Imperialistic America

Imperialism: The policy of extending a nation's authority by territorial acquisition or by the establishment of economic and political hegemony over other nations.

International choice is clearly not an aspect of the American foreign policy. This was not always the case. The Monroe Doctrine, proposed by President James Monroe in 1823, would establish a precedent for future U.S. foreign policies. However, the Doctrine only pertained to the Western Hemisphere. In this famous article, Monroe stated: "…that the American continents, by the free and independent condition which they have assumed and maintain, are henceforth not to be considered as subjects for future colonization by any European powers. . . ." Essentially, the document conveyed that future European and any U.S. involvement in the Western Hemisphere would be prohibited by the American government and treated as a threat to domestic peace.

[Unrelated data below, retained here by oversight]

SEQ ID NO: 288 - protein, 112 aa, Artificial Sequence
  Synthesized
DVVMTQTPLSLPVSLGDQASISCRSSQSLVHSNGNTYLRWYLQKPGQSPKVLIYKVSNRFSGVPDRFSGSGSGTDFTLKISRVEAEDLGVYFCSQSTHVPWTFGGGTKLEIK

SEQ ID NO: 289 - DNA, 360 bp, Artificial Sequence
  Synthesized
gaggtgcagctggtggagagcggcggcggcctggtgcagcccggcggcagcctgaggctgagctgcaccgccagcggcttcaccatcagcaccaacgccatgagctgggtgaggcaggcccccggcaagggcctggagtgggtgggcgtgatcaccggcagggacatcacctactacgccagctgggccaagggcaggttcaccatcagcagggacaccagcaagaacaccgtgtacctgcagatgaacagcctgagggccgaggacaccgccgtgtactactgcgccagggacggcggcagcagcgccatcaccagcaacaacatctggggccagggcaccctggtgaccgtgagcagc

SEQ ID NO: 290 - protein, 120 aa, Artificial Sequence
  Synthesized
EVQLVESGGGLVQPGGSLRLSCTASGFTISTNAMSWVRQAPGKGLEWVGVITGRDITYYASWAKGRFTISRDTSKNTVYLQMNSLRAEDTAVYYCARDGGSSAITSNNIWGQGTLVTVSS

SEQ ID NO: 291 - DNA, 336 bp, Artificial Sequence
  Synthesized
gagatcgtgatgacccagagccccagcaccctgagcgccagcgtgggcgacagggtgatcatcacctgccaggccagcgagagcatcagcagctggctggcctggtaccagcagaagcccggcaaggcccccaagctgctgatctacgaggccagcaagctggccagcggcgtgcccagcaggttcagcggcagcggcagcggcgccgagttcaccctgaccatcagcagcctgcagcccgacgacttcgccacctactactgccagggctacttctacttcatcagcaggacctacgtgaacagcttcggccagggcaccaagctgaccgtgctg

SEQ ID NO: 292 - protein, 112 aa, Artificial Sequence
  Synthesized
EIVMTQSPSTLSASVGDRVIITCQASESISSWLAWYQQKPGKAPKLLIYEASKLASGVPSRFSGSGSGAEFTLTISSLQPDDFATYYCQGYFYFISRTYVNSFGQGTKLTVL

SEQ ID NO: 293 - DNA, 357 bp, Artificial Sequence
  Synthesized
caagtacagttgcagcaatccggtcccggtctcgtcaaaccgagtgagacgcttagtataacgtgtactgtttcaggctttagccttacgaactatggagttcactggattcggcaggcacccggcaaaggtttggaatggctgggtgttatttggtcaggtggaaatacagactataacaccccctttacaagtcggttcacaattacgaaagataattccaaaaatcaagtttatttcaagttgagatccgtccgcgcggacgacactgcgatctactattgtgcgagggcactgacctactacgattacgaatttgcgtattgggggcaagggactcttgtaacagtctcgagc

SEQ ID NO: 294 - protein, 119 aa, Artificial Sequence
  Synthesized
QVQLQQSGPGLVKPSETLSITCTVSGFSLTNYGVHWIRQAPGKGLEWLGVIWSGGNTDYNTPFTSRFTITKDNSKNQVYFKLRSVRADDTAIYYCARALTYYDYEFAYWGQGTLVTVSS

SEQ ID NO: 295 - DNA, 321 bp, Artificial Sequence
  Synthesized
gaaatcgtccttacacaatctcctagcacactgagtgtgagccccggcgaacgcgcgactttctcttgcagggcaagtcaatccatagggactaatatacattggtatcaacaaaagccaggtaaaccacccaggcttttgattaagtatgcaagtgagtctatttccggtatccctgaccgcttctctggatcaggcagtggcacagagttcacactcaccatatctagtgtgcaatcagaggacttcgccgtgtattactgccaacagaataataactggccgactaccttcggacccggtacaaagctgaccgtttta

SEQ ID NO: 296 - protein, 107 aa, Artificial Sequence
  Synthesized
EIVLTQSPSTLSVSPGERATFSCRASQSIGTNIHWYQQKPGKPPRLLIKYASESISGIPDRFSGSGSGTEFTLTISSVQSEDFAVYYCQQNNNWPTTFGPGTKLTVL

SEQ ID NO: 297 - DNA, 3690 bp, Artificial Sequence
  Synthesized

At the time of its proposal, America was in no such position to uphold its aim because it was not a world power; enforcement of the Monroe Doctrine then began only in the 1840s. At the turn of the century, Theodore Roosevelt added a section to the Doctrine, stating that the U.S.A. could interfere with the internal conditions of Latin American nations if it was in response to blatant wrongdoing. America was outgrowing its self-contained foreign policy.

By the 1930s, the Monroe Doctrine was virtually obsolete; America reformed its Western Hemisphere foreign policy, and was already exhibiting influence outside Latin America. The United States government's serious restraint of complete decisive foreign measures would wither after Roosevelt, and especially intensify after World War II (WWII).

Pre-World War I: A Rise to Imperialism

The imperialistic nature of America revolves around one word: omnipotence. Theoretically, America's large-scale dominance over contemporary world conditions ensures (or should ensure) political conformity and economic outgrowth. However, the government is willing to achieve omnipotence at what costs?